To make the disposable containers, the startup says it developed a special 3D-printer that churns them out in “30 seconds or less.” The company declined to share photos of the printer, which it described as patent pending. There’s nothing new about clay, and in a statement, GaeaStar acknowledged as much, saying it was “inspired by ancient Indian culture.”
To fund its Verve pilot and future collaborations in the U.S., GaeaStar rolled together a $6.5 million seed round from investors such as Morningside and Dart Labs.
Through an environmental lens, the U.S.’s single-use cup problem shares some commonalities with its single-occupancy vehicle problem. In each case, a relatively new, inefficient behavior now seems totally ingrained in society. Whether you’re talking about transporting iced lattes in plastic cups or people in metal eggs, there are better ways of moving such things around, if only folks would behave differently. But will people change, and do they want to?
This is a silly thought experiment, but there’s something interesting about where it falls apart: Replacing a ton of cars with public transit requires, like, real work — including vast infrastructure development and rethinking where and how many of us live. On the other hand, killing disposable cups demands that folks tote around reusable canteens. This sounds . . . comparably pretty easy.
Yet, change is hard at any scale, and so we look for alternatives. We electrify single-occupancy vehicles and build ostensibly better disposable cups, striving to mitigate the damage we do without really changing much about how we live. Some people consider such compromises a distraction, but in the case of disposable cups, GaeaStar founder Sanjeev Mankotia calls this meeting people “where they are.”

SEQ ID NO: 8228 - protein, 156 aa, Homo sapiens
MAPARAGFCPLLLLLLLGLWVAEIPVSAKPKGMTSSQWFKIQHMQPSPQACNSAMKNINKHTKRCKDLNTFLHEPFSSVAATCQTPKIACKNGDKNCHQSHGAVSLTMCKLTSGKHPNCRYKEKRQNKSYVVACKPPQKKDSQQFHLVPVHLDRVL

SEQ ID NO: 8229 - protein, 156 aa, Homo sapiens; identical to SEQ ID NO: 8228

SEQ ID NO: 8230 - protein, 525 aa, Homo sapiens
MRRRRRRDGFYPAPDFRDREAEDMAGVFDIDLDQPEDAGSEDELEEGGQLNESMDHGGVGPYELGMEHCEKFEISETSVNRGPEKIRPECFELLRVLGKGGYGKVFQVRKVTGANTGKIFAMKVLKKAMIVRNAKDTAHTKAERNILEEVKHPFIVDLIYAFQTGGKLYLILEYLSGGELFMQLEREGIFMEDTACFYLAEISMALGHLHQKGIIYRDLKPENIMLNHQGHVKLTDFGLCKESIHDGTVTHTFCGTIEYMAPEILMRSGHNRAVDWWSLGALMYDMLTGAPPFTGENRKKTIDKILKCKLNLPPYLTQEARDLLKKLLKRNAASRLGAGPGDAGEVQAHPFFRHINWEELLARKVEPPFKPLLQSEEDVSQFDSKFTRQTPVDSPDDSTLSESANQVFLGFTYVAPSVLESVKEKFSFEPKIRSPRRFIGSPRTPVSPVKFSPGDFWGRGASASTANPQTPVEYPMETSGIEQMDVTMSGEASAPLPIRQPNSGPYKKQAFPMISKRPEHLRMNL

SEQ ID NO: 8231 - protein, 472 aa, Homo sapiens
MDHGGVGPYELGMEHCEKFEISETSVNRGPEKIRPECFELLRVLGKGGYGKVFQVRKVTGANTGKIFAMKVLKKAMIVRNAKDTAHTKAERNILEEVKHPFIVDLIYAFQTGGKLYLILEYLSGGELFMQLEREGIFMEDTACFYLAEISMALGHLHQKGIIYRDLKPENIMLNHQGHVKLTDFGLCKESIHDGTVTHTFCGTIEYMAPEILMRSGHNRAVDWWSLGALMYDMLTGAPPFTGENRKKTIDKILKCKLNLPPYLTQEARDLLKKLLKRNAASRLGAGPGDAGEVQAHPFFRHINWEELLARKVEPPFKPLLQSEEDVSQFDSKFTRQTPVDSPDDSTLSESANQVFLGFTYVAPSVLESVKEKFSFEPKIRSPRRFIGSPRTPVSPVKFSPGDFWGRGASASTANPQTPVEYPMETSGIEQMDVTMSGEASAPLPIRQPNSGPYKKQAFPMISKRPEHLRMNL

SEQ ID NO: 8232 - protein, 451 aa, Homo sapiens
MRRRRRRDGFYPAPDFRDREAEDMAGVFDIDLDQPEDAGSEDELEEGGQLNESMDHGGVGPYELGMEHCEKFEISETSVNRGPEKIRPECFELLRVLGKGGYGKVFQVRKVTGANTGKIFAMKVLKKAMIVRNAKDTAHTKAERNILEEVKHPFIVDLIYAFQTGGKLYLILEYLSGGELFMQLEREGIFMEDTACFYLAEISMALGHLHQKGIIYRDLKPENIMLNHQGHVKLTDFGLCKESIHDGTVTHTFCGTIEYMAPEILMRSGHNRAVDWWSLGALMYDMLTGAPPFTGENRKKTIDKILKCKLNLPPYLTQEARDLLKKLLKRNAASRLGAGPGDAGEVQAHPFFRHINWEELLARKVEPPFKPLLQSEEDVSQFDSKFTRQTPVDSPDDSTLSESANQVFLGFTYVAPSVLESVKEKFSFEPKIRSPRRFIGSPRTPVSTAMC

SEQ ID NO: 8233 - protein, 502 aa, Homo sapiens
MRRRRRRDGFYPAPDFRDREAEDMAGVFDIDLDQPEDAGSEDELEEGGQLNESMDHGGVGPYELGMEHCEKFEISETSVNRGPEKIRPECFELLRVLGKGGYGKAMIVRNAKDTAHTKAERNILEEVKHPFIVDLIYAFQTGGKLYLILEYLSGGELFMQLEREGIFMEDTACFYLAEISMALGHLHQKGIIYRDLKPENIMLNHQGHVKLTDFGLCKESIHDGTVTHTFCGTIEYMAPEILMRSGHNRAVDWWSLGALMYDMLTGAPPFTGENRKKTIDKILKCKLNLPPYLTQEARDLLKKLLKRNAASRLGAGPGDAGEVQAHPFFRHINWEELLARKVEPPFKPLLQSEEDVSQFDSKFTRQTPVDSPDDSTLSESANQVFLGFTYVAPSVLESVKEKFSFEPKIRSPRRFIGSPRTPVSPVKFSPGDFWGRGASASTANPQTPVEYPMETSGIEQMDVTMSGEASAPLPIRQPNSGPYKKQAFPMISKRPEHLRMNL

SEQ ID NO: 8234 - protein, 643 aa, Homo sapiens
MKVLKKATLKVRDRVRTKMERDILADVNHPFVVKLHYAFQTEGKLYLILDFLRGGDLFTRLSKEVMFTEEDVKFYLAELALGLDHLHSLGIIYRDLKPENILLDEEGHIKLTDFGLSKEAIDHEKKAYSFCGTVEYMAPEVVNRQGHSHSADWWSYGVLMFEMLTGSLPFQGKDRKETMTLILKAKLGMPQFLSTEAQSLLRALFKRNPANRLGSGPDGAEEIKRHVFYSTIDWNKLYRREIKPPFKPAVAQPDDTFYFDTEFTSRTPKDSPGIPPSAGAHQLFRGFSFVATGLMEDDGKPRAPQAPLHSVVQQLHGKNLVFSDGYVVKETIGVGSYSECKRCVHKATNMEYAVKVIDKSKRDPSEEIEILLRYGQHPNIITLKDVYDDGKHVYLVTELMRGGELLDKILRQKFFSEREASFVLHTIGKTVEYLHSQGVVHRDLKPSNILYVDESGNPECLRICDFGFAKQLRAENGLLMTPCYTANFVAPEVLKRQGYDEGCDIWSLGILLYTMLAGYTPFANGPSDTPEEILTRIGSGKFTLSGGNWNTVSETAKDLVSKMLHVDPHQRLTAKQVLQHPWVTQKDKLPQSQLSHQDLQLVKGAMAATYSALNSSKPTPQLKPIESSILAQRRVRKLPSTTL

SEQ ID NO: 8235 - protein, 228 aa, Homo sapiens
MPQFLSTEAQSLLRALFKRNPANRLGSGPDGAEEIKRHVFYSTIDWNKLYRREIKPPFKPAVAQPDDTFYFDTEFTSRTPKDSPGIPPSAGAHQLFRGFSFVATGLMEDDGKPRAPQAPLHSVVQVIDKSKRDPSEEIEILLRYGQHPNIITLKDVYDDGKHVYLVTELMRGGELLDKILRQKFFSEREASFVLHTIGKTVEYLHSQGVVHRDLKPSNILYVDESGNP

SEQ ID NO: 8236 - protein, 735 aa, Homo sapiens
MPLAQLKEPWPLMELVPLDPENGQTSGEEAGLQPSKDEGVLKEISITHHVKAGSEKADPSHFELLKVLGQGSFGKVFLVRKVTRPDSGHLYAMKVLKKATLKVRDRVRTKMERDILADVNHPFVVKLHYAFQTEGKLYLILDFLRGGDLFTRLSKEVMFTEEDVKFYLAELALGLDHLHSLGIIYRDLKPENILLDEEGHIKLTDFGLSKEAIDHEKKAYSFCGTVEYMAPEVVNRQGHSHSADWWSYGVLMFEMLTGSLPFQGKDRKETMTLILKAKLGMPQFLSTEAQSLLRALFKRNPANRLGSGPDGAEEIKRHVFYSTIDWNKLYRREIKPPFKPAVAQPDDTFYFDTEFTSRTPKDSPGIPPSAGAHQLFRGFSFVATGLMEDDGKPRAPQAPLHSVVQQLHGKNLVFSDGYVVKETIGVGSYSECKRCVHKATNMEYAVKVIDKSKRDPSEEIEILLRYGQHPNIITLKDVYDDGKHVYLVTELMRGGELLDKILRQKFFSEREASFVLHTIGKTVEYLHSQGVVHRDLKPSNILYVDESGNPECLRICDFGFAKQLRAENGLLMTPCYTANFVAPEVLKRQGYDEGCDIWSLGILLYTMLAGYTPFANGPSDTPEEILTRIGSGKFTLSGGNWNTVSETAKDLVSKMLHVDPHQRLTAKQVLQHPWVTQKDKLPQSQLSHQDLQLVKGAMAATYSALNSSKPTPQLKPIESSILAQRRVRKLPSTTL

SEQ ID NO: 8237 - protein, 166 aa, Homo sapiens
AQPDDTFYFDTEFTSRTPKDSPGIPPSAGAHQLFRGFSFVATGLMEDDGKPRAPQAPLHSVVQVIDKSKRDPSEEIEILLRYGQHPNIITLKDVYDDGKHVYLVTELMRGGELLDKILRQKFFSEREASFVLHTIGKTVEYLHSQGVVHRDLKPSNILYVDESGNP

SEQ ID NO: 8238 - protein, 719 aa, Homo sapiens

“It’s the reality of Western culture that people are constantly on the go and are now accustomed to disposability vs. carrying around a reusable mug,” Mankotia told TechCrunch over email. “We know recycling doesn’t work and our vessels can go right in the trash guilt-free.” When Mankotia says “recycling doesn’t work,” the CEO is referencing how most plastic is never recycled.
GaeaStar hasn’t paid for a complete life-cycle analysis of the environmental cost of its clay cups, but the company says it plans use its new funds to do so in 2023. Mankotia went on to tell TechCrunch that its internal analysis and estimates “show us that we’re using significantly less water and energy when compared to paper or plastic incumbents.”
GaeaStar also aims to establish cup-printing centers near its customers and source clay locally. Calling this a micro-factory model, GaeaStar said in Germany it even delivers vessels using e-bikes. One day, the startup aims to offer a tabletop printer to restaurants so they can “print the cups on demand at the point of sale.”
The startup sent TechCrunch a sample cup etched with a Verve logo and invited me to reuse it as many times as I’d like, and later smash it, or even use it as a pot for a plant. GaeaStar’s cup is thin, and it isn’t sturdy like plastic, but I found that it’s more than capable of housing multiple coffees. Plus, the novelty of a clay disposable in the U.S. makes it kind of fun to use.
GaeaStar’s latest fundraise follows an earlier $1.7 million pre-seed round, the company said. Its other investors in the new round include At Inc., Sand Hill Angels, VSC and Climate Capital.